**I never thought I excelled at maths and in a very real sense, I don’t and never did. However, I was brought up taught that maths was one of the few subjects where answers weren’t up for debate – at least at GCSE level – and if I had the formulas and whatnot committed to memory, I should be able to pass my exams.**

I managed to squeeze out a low A in GCSE maths and I haven’t touched a calculator since. Funnily enough, it was my only A to date; I didn’t even get an A in English. Let me tell you though, it really has helped me in the world of writing articles for an online, Facebook-based magazine.

Anyway, how are you at maths? There’s an easy way to find out, and that’s by checking your previous grades and the like. Then there’s the harder way, and that’s trying to solve these questions…

**1.**

Honestly this one’s more a test of patience.

Basically, the “experts” advise you to round every number to the nearest five and estimate the answer – then round that to the nearest possible multiple choice answer. All well and good when you have multiple choice, but that’s not all the time, is it?

Here…

** 2. Apparently over 50% of students at Harvard, MIT, and Princeton got this question wrong**

I was furious at myself for getting this one wrong.

If you also got this wrong, I’m assuming you guessed $0.10. The reason that isn’t correct is because that would leave the bat costing £1, which is only $0.90 more expensive than a $0.10 ball, not a full dollar.

The ball is worth $0.05, leaving the bat to be worth $1.05.

** 3. This one isn’t hard, but time consuming**

The challenge is to use each digit 1-9 only once to fill in the snake and make the equation equal 66 (colons are division signs).

Apparently it’s easier to write the snake out as a long equation and replace the gaps with letters, algebra style.

** 4.**

Nothing’s actually missing here, it’s just supposed to confuse you with the way it’s laid out. Twitterer Mat Whitehead made a table to explain it…

** 5.**

No maths involved at all here – it’s a sneaky trick question,

Basically it’s upside-down. The answer is 87.

** 6.**

I’m personally shocked this one qualified. It was originally brought up by a mother who was furious her child was being posed this question in their homework.

** 7.**

The real answer is that Cheryl can stop being so difficult but I’m not sure that’s an option.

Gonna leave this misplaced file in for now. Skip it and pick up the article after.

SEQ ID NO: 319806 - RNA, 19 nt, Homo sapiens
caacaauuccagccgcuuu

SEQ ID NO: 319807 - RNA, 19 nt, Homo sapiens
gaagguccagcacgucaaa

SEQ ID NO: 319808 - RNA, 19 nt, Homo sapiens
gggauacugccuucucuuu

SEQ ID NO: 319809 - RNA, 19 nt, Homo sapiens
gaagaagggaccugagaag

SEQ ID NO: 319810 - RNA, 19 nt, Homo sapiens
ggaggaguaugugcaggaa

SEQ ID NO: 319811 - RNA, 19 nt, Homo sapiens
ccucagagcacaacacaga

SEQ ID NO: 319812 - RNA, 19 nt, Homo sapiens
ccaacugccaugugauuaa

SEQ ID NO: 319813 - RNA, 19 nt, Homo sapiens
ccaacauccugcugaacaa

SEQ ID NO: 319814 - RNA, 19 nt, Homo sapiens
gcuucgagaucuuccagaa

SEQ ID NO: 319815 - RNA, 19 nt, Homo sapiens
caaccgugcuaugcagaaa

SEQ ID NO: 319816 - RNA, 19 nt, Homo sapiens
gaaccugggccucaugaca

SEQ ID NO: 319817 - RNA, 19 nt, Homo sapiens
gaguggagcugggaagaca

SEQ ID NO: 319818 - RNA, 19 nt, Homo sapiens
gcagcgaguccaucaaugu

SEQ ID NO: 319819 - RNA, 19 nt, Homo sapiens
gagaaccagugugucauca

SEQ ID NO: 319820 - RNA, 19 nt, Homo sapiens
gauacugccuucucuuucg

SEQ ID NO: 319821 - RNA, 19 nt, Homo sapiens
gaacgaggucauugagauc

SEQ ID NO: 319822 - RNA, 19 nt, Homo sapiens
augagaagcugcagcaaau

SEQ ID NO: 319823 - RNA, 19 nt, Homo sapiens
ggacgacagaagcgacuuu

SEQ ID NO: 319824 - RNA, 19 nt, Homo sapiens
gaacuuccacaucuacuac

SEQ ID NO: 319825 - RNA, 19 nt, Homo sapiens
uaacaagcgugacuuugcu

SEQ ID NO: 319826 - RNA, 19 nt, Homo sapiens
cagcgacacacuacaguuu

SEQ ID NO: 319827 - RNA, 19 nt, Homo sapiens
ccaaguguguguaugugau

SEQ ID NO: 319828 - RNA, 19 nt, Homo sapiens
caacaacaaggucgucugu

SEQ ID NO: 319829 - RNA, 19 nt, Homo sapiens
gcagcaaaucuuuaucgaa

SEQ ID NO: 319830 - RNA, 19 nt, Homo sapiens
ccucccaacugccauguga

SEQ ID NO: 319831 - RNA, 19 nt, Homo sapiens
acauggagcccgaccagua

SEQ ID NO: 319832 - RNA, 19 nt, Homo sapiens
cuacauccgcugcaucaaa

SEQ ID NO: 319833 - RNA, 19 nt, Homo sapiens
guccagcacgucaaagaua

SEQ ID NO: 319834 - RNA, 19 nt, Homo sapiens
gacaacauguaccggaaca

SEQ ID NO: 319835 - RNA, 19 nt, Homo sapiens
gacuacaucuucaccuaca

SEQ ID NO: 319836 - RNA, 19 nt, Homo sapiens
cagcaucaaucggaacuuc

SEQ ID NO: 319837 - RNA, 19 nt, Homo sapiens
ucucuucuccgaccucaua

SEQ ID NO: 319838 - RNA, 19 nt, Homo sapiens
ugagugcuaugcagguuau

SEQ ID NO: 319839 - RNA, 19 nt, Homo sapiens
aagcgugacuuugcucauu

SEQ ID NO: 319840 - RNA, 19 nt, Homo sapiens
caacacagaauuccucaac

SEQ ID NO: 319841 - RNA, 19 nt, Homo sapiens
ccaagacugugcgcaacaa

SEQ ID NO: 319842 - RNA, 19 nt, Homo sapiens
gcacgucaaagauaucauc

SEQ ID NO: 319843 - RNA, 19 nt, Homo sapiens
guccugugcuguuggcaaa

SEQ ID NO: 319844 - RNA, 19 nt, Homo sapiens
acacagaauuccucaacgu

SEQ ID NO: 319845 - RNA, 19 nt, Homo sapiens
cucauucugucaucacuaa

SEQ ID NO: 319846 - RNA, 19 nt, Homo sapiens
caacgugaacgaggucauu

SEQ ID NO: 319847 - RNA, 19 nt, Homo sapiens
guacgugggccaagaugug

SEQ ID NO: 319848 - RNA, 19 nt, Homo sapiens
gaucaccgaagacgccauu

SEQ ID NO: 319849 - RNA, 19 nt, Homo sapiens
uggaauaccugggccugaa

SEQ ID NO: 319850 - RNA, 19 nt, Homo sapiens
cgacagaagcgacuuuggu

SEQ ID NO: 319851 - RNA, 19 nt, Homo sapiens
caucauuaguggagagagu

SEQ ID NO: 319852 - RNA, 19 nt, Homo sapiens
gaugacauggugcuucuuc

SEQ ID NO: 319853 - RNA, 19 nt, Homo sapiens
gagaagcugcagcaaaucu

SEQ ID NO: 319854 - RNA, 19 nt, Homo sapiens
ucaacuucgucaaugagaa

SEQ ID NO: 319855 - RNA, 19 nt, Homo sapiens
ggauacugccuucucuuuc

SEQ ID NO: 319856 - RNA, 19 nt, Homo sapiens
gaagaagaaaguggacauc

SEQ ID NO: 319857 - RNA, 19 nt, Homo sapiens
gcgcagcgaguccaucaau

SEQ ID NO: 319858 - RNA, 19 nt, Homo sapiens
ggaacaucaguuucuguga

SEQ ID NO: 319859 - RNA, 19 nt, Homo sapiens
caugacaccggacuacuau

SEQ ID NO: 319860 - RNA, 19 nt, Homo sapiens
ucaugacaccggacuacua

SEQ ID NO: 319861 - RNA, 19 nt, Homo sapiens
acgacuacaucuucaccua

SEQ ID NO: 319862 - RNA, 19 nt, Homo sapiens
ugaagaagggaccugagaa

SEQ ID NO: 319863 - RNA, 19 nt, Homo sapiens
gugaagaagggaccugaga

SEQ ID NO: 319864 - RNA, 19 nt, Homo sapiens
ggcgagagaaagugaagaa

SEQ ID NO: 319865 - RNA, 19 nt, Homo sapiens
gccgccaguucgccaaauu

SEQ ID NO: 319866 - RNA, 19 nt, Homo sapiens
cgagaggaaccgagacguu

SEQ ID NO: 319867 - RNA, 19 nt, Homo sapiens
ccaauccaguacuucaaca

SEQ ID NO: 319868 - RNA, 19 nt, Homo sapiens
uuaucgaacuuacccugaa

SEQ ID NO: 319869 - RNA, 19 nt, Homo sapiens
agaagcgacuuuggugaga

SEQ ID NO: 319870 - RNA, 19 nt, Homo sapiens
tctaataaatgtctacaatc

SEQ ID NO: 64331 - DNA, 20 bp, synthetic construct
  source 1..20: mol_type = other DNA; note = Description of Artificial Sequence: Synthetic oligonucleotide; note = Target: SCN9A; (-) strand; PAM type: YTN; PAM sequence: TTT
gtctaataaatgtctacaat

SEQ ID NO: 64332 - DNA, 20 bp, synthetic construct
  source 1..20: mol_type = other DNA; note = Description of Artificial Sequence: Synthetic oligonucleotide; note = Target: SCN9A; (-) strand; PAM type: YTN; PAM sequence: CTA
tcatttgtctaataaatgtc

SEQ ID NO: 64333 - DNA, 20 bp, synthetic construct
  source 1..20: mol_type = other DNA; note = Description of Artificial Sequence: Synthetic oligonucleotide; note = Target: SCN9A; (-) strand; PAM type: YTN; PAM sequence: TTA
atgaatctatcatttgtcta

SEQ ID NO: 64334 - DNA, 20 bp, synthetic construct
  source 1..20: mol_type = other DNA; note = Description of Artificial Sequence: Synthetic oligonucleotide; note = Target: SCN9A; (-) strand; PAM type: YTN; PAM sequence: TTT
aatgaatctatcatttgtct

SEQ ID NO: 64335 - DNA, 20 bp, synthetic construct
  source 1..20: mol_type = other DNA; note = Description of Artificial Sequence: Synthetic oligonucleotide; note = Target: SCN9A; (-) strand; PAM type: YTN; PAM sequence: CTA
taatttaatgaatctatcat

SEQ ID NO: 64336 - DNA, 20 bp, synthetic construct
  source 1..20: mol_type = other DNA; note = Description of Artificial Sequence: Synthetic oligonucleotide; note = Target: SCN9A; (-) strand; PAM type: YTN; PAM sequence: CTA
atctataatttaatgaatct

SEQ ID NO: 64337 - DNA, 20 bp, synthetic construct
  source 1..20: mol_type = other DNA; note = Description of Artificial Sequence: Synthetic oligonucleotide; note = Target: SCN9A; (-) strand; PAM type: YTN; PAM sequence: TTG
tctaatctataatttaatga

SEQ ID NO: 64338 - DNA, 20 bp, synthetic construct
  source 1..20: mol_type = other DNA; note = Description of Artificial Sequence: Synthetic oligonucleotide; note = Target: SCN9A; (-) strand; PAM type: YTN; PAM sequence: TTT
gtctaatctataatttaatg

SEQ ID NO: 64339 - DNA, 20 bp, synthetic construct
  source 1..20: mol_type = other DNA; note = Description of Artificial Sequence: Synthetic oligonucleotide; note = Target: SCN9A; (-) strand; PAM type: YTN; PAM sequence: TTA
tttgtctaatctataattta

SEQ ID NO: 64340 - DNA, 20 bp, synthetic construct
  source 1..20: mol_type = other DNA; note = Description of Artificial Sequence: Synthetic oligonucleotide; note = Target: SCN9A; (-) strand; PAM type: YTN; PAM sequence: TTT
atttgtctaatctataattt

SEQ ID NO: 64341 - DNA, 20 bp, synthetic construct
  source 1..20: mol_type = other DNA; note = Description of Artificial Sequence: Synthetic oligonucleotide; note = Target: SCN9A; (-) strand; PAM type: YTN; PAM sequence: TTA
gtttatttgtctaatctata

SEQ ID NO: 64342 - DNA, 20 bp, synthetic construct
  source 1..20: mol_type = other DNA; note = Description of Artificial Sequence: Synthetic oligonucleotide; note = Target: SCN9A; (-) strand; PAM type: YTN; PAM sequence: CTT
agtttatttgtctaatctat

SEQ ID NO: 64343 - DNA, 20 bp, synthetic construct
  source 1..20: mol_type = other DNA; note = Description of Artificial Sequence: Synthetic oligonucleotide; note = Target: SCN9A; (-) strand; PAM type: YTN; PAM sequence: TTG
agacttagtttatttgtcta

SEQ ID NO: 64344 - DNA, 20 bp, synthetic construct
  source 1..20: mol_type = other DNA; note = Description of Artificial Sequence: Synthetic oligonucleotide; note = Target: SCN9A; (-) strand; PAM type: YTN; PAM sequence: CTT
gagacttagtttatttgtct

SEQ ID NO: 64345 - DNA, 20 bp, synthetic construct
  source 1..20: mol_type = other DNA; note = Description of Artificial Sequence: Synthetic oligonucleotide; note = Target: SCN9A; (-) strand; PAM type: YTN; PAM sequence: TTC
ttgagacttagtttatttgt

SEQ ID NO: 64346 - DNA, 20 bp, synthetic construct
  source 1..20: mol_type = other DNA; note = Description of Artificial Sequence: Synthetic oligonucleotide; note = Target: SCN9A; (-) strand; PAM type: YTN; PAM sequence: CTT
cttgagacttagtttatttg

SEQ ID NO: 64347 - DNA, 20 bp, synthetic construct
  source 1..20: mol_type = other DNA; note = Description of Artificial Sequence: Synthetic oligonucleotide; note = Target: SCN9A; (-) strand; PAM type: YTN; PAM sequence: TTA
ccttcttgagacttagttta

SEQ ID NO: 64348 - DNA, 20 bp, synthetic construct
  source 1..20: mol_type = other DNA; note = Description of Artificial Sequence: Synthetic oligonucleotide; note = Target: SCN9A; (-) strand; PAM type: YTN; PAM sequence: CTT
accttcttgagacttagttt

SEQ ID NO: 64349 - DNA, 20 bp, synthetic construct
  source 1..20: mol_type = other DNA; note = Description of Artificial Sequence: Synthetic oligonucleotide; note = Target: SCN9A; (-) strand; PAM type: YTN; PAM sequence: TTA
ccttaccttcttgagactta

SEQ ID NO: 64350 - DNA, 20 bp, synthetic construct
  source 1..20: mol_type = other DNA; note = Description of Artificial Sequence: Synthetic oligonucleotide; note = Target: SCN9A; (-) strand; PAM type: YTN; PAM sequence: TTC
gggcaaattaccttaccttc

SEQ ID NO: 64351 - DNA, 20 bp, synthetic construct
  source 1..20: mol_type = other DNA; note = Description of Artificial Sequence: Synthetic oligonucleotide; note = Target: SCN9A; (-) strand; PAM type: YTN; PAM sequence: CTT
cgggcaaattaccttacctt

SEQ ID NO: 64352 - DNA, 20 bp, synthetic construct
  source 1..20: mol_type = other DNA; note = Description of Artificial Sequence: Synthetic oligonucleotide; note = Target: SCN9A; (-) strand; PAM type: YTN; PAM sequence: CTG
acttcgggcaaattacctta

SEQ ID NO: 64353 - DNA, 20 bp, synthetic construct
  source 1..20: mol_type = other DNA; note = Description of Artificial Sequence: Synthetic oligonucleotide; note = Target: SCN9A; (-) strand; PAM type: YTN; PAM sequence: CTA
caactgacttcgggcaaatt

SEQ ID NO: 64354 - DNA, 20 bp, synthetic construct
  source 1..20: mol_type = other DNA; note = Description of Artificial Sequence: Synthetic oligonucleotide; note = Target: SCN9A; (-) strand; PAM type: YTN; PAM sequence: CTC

You can make a graph to mark out the dates and eventually rule out all but one through process of elimination. New York Times published a detailed account on how to solve this one.

If you can’t be arsed to click that link, the answer is July 16.

** 8.**

This one garnered a lot of attention and had many pretty mad. The kid wrote down the columns more or less correctly, but they were marked down for being in the wrong order… there’s really no explaining that.

Andy Kiersz of Business Insider wrote:

“

The idea that a student should be punished for recognizing and applying the fundamental truth of commutative multiplication in service of drilling in a completely arbitrary convention that they can easily learn when they need it 10 years later strikes me as borderline insane“

** 9.**

I got this one wrong because apparently I’m using a form of maths that’s been largely inactive since 1917. I say largely because it’s still being used in some curriculums, such as in my old school. How is that at all fair? Why can’t maths have one answer?

To answer this, you’re to use PEMDAS or BODMAS: Parentheses/Brackets, Exponents/Orders, Multiplication-Division, Addition-Subtraction, If same precedence, left to right.

The answer is 9, but with my outdated maths and maybe yours, you would get 1.

** 10.**

Another one with two answers, but this time they’re both objectively correct. Seems like a recipe for disaster for exams. People marking won’t actually check, they’ll have one possible choice on their answer sheet and mark you down if you don’t have that.

The first way to find it out is adding the equation and combining the answer with that of the previous equation. Conversely, you can multiply the second number of the equation by the number you’re adding it to. The answer can be either 40 or 96. I got the latter… but I feel like I did it a different way?

Maths was a lot easier when the answers weren’t subjective.

**But there you have it. How many did you get right? I think I got six. That’s not so bad for a guy who was in the bottom set in secondary school.**

*Images via Twitter, Facebook, Business Insider*